Q&A with Featured Author Tom Glenn
April 7, 2016
by Larry Matthews
Tell us about “The Trion Syndrome.” What can a reader expect?
I write because I have to. Among other things, writing forces me to face my memories head on. “The Trion Syndrome” confronts directly living with Post-Traumatic Stress Injury. It tells the story of a man whose past in the Vietnam war almost destroys him. The reader can expect to see a man’s life fall apart because he can’t come to terms with what he has done. He doesn’t remember consciously what happened until he has lost his family and his job and finds himself at an all-time low. He runs away and hides. The second half of the book shows how a son he didn’t know he had leads him home again.
What is the myth this book is based on?
The Trion myth is fictional. I searched Greek mythology for an apt tale that paralleled the story of Dave Bell, my protagonist. None fit perfectly, so I borrowed bits of various myth to create the story of Trion, a demigod drowned by the gods after he butchered his own infant son to demonstrate his ferocity. Dave finds himself drawn to the Trion myth without knowing why. And he studies a novella (also fictional) by the great German writer, Thomas Mann, based on the myth. Dave believes he sees himself. After he remembers what he has done, he is preparing to drown himself when his son arrives and shows him the way home.
You write books about wounded people. In your book “No-Accounts” it was AIDS. In “Friendly Casualties” it was Post-Traumatic Stress. “The Trion Syndrome” is also about wounded people. Where does that come from?
My own unhealable wounds. “Friendly Casualties” came from my 13 years, on and off, under cover in Vietnam supporting U.S. Army and Marine combat units. “No-Accounts” resulted from the five years I devoted to caring for AIDS patients—all gay, all died—when I learned that compassion brings peace, even when you have unbearable memories. In Trion, I wanted to show that combat can wound the soul. Fighting other men to the death is gruesome. Killing another human being tears your humanity. Watching your combat buddies, the guys you fought beside, die in agony rends the psyche. Some wounds never heal.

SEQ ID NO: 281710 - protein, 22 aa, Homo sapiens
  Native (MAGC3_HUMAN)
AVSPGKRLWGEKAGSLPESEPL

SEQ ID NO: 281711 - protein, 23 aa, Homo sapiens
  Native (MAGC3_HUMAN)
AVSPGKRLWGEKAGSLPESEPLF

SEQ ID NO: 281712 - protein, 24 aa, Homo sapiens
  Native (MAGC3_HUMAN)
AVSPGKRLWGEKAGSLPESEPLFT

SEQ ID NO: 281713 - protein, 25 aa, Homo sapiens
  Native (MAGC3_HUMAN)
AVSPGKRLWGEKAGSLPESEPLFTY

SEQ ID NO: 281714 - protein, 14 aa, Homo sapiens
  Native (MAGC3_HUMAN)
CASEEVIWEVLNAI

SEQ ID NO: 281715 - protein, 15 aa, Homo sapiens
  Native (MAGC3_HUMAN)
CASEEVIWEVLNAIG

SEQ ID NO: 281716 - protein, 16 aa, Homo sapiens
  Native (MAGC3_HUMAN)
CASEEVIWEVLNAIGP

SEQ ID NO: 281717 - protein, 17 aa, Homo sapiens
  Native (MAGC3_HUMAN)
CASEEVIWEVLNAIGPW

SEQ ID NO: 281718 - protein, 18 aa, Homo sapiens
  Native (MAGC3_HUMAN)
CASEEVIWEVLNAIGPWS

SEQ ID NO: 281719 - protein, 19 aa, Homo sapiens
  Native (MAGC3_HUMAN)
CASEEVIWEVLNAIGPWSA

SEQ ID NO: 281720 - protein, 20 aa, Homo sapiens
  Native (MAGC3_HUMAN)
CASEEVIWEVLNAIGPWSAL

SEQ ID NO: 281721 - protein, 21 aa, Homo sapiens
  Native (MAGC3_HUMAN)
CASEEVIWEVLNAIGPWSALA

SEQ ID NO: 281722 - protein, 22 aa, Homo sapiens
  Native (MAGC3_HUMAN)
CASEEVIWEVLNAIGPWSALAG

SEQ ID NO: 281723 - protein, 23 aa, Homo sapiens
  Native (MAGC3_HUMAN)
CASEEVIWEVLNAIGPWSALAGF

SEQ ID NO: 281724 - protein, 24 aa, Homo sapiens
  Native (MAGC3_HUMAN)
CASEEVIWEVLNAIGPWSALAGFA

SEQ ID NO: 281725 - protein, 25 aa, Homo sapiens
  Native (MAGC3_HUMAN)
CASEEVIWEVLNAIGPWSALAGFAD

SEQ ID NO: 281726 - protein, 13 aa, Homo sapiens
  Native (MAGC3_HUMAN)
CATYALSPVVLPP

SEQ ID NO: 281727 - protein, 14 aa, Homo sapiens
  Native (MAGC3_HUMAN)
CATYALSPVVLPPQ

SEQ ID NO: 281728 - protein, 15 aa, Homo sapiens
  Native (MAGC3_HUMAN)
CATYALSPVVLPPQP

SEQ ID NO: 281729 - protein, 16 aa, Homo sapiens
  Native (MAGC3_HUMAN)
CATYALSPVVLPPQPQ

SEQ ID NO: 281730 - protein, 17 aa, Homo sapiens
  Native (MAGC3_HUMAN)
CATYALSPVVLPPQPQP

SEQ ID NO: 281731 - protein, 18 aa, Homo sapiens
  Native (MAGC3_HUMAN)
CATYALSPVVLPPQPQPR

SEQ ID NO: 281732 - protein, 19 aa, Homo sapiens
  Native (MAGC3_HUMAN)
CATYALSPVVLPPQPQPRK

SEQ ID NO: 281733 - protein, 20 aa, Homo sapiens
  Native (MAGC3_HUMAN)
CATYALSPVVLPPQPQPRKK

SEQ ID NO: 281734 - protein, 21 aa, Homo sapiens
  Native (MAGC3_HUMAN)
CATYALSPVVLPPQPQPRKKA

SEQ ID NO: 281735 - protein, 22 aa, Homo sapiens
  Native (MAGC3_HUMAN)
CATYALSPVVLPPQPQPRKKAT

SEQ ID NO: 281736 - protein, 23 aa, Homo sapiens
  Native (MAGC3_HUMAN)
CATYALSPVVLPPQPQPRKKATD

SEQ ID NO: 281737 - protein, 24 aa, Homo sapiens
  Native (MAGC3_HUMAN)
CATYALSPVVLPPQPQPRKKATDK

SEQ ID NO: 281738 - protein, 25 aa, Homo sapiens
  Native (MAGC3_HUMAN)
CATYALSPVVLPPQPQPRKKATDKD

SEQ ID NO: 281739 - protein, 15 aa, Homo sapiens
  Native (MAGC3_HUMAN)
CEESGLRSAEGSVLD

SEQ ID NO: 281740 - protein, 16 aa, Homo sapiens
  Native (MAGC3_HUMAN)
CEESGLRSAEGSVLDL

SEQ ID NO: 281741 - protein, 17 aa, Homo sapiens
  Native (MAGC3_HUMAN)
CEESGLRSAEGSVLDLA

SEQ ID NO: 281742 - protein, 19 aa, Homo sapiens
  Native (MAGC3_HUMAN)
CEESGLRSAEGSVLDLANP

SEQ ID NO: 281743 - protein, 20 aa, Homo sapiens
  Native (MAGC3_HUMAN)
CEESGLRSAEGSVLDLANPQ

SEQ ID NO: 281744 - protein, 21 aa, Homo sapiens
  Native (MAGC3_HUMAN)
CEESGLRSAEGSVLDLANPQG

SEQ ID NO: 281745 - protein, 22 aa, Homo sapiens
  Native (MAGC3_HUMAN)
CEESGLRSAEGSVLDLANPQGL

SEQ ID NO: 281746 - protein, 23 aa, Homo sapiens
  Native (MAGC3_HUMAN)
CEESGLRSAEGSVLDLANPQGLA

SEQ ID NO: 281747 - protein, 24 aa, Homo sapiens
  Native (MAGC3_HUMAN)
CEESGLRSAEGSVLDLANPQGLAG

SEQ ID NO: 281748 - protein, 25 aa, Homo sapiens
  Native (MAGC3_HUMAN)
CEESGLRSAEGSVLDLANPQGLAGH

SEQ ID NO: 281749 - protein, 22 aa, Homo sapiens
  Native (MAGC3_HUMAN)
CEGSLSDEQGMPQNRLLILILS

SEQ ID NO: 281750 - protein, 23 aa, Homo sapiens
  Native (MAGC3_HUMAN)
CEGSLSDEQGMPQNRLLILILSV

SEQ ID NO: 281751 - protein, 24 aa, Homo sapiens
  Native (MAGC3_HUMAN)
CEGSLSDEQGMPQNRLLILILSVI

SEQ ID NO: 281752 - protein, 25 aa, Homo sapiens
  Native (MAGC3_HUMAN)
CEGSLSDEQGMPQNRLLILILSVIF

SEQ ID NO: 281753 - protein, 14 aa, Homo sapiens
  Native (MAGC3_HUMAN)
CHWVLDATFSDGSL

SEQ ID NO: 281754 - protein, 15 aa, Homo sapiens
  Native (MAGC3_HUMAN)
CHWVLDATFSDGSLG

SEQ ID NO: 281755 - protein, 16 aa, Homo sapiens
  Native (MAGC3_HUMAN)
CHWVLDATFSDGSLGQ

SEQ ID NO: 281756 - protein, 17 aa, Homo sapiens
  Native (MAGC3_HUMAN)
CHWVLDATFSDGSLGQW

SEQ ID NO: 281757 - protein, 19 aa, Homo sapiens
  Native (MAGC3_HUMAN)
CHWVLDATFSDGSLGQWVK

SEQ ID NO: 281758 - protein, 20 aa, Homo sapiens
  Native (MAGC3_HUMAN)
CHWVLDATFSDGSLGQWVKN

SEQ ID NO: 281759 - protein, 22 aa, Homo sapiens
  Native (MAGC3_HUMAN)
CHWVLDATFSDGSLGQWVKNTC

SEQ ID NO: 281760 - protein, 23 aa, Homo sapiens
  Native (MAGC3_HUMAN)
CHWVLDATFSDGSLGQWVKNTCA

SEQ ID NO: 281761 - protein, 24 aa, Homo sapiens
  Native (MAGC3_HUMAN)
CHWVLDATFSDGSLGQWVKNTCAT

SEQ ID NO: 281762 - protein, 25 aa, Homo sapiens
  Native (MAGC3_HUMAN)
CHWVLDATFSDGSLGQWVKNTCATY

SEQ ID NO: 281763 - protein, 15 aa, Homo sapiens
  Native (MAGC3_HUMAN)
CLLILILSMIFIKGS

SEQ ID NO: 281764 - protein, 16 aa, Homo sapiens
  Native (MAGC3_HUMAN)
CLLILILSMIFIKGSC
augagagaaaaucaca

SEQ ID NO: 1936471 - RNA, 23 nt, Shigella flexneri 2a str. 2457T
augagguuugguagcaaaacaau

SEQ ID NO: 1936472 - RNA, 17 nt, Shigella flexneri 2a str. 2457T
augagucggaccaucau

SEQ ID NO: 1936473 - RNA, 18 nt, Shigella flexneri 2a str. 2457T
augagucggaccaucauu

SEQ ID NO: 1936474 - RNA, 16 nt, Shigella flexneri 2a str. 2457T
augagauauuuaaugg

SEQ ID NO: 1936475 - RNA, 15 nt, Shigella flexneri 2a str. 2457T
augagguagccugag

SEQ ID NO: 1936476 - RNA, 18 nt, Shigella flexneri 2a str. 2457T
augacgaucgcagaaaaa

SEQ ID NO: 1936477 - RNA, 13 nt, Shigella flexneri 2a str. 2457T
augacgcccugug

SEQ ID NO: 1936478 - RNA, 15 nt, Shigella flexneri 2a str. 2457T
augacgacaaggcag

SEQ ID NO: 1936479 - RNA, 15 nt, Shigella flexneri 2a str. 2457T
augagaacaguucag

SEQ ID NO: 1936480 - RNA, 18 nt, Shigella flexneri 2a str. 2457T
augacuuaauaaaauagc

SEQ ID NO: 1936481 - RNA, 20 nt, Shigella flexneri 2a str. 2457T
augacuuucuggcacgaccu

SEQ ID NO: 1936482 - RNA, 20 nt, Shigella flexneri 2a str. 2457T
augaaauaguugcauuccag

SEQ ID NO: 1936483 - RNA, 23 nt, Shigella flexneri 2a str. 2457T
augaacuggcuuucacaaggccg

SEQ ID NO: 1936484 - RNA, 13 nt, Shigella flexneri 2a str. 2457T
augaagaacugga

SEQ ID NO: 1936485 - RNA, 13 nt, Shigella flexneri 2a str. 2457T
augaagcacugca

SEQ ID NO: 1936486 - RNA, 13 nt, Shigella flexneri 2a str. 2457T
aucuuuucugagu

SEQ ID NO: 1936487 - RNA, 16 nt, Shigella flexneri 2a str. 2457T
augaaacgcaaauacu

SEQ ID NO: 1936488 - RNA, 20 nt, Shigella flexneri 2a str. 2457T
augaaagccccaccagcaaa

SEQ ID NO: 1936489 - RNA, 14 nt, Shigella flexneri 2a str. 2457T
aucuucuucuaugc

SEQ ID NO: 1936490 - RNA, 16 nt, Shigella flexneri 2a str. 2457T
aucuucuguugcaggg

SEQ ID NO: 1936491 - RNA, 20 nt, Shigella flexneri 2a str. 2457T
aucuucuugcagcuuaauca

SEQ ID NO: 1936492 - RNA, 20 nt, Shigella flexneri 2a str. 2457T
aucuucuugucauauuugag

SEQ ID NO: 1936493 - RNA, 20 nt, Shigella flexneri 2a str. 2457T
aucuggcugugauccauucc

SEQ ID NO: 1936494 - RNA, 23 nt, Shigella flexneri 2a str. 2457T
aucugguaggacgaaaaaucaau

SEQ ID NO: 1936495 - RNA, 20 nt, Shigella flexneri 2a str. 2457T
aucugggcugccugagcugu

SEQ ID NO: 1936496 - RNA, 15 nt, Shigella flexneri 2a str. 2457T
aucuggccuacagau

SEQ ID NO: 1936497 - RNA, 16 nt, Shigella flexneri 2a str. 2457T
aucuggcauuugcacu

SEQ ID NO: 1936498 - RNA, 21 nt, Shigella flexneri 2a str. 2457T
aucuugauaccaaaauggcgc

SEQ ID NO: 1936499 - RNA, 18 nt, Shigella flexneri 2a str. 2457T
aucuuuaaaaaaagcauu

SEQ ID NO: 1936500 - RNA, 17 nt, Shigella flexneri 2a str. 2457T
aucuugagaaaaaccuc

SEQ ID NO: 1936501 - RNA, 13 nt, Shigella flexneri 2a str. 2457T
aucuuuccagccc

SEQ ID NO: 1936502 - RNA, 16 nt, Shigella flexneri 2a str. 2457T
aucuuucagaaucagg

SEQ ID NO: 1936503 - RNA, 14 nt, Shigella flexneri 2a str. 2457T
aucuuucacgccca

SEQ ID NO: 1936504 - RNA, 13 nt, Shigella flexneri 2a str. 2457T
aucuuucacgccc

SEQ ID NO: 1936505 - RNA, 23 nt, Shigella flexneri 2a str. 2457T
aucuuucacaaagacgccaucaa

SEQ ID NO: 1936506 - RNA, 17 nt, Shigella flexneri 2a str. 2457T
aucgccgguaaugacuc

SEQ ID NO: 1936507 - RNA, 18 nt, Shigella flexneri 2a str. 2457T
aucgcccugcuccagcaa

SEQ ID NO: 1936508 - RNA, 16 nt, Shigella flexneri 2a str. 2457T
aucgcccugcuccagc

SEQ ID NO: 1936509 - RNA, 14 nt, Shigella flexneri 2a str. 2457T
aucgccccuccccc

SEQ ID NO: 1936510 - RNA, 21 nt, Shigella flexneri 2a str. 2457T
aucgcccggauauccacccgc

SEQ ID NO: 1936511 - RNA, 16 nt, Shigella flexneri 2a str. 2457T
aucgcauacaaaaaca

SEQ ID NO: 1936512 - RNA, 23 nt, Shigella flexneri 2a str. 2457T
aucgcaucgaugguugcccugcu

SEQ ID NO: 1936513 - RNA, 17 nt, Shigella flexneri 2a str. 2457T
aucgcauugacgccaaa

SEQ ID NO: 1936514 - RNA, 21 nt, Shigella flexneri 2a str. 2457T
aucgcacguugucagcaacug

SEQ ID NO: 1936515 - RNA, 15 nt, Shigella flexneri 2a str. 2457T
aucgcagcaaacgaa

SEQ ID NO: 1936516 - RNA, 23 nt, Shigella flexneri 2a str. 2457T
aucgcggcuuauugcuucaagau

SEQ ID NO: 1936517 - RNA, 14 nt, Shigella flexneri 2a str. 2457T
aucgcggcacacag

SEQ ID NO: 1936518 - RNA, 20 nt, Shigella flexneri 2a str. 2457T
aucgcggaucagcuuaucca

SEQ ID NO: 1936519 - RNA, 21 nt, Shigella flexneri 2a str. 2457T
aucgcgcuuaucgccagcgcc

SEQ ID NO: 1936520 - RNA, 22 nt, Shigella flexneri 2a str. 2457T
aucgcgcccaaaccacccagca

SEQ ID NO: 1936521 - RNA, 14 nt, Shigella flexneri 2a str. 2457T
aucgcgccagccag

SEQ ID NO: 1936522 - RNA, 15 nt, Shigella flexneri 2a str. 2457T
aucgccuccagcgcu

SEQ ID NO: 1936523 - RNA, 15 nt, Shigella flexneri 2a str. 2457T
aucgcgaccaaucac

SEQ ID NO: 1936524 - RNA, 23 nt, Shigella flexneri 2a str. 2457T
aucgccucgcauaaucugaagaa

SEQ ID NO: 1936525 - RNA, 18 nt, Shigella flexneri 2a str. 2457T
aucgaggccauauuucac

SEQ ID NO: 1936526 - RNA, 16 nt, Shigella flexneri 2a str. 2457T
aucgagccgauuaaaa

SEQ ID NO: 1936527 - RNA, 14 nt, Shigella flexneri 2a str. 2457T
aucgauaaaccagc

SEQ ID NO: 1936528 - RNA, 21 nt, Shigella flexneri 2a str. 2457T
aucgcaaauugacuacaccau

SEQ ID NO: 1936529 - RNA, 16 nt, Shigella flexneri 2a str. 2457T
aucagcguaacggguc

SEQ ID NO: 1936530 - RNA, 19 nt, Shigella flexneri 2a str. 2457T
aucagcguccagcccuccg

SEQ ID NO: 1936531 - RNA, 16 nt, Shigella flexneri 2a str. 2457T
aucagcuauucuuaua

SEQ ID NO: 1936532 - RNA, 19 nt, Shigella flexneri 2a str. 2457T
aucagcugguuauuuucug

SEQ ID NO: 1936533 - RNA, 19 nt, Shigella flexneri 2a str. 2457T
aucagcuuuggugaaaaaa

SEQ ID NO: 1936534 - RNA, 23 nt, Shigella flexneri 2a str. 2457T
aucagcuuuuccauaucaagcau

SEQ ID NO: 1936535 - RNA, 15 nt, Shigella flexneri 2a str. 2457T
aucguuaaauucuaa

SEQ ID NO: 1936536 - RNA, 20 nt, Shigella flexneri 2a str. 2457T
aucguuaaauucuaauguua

Your prose is polished and your characters are rich and real. How does that happen? What is your process when you stare at a blank page?
The polish comes from many years of working to perfect the craft of fiction, an unending struggle. The characters come alive in my imagination and take me over. I have to tell their stories to find peace. I’m sure that comes from the way I write. I unleash my unconscious by putting myself in a dream-like state, similar to what happens in meditation. My characters take me over, live out their lives before my eyes, open their souls to me so that I can see, hear, feel what’s happening. Then I write down what’s playing out before me, as if I were watching a movie. It doesn’t always work, but when I’m at my best I go for hours—I once wrote for 14 hours straight. Once the draft is done, I put it aside for weeks, months, sometimes a year. Then I go back and start revising using only my rational mind. After the third draft, I do an outline for the first time to see where the structure is awry. After that, I let the manuscript cool again for a while. Next I go through it critically, trying to see it as a reader might. Finally, I go back to my meditative self to read through it for insights. A long, meticulous process. “No-Accounts,” for example, went through 21 drafts. Then one day, I realized it was finished. So my novels take me 10 to 15 years to complete, but I’ve always got several in draft at a time.
Tell us a little about your background.
After college (BA in music) and the army, I was hired by the National Security Agency where I worked for the next 35 years as a linguist (seven languages). NSA sent me to Vietnam under cover repeatedly until Saigon fell in 1975. One way or another, I’ve spent a great deal of time with the military, usually Army or Marines, sometimes under cover as a member of a combat unit, so I’m comfortable with military men and women.
I took a masters and doctorate while working at NSA. I married the first time as a soldier and have four delightful children and so far four grandchildren. I’m a trained musician and play the piano every day. I read a great deal, review books for the Washington Independent Review of Books, don’t watch television (I don’t own a TV), and spend an inordinate amount of time taking care of my oversized house and yard. But most of my time is spent writing.
Tom’s next book, “The Last of the Annamese,” is due out early in 2017 from Naval Institute Press. It is based on his experience in the last days of the Vietnam War as the North Vietnamese closed in on Saigon. The novel used previously classified details to enrich the reader’s understanding of the magnitude of America’s experience there.